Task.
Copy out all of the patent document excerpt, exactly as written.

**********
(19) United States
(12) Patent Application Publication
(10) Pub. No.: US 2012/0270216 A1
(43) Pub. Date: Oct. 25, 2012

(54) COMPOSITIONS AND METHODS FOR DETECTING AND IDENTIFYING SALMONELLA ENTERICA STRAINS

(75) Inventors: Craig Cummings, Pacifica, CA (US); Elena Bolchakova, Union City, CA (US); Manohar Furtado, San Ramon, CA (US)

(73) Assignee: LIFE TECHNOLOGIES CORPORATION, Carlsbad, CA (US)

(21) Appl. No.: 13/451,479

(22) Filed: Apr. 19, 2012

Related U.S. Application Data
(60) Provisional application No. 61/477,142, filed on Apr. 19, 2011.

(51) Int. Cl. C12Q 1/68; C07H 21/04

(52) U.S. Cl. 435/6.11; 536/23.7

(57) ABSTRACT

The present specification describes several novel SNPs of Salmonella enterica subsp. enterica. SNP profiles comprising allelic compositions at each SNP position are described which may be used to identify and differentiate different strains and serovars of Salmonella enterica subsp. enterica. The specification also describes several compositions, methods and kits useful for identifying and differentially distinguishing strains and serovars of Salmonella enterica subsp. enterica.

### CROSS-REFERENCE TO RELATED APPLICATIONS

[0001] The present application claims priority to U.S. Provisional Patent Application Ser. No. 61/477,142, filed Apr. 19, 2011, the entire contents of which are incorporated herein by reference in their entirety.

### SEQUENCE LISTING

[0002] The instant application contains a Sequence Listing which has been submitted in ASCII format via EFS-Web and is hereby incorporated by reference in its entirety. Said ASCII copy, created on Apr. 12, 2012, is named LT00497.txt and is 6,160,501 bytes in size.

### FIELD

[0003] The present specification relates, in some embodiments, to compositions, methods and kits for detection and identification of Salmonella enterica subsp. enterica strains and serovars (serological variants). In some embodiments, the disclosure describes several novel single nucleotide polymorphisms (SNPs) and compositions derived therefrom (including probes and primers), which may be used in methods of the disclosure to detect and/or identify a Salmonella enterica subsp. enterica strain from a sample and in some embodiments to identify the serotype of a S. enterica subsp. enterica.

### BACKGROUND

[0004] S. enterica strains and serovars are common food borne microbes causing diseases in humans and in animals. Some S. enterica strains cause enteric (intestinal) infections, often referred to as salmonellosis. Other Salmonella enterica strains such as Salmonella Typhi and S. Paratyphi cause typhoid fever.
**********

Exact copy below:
(19) United States
(12) Patent Application Publication
(10) Pub. No.: US 2012/0270216 A1
(43) Pub. Date: Oct. 25, 2012

(54) COMPOSITIONS AND METHODS FOR DETECTING AND IDENTIFYING SALMONELLA ENTERICA STRAINS

(75) Inventors: Craig Cummings, Pacifica, CA (US); Elena Bolchakova, Union City, CA (US); Manohar Furtado, San Ramon, CA (US)

(73) Assignee: LIFE TECHNOLOGIES CORPORATION, Carlsbad, CA (US)

(21) Appl. No.: 13/451,479

(22) Filed: Apr. 19, 2012

Related U.S. Application Data
(60) Provisional application No. 61/477,142, filed on Apr. 19, 2011.

(51) Int. Cl. C12Q 1/68; C07H 21/04

(52) U.S. Cl. 435/6.11; 536/23.7

(57) ABSTRACT

The present specification describes several novel SNPs of Salmonella enterica subsp. enterica. SNP profiles comprising allelic compositions at each SNP position are described which may be used to identify and differentiate different strains and serovars of Salmonella enterica subsp. enterica. The specification also describes several compositions, methods and kits useful for identifying and differentially distinguishing strains and serovars of Salmonella enterica subsp. enterica.

### CROSS-REFERENCE TO RELATED APPLICATIONS

[0001] The present application claims priority to U.S. Provisional Patent Application Ser. No. 61/477,142, filed Apr. 19, 2011, the entire contents of which are incorporated herein by reference in their entirety.

### SEQUENCE LISTING

[0002] The instant application contains a Sequence Listing which has been submitted in ASCII format via EFS-Web and is hereby incorporated by reference in its entirety. Said ASCII copy, created on Apr. 12, 2012, is named LT00497.txt and is 6,160,501 bytes in size.

### FIELD

[0003] The present specification relates, in some embodiments, to compositions, methods and kits for detection and identification of Salmonella enterica subsp. enterica strains and serovars (serological variants). In some embodiments, the disclosure describes several novel single nucleotide polymorphisms (SNPs) and compositions derived therefrom (including probes and primers), which may be used in methods of the disclosure to detect and/or identify a Salmonella enterica subsp. enterica strain from a sample and in some embodiments to identify the serotype of a S. enterica subsp. enterica.

### BACKGROUND

[0004] S. enterica strains and serovars are common food borne microbes causing diseases in humans and in animals. Some S. enterica strains cause enteric (intestinal) infections, often referred to as salmonellosis. Other Salmonella enterica strains such as Salmonella Typhi and S. Paratyphi cause typhoid fever.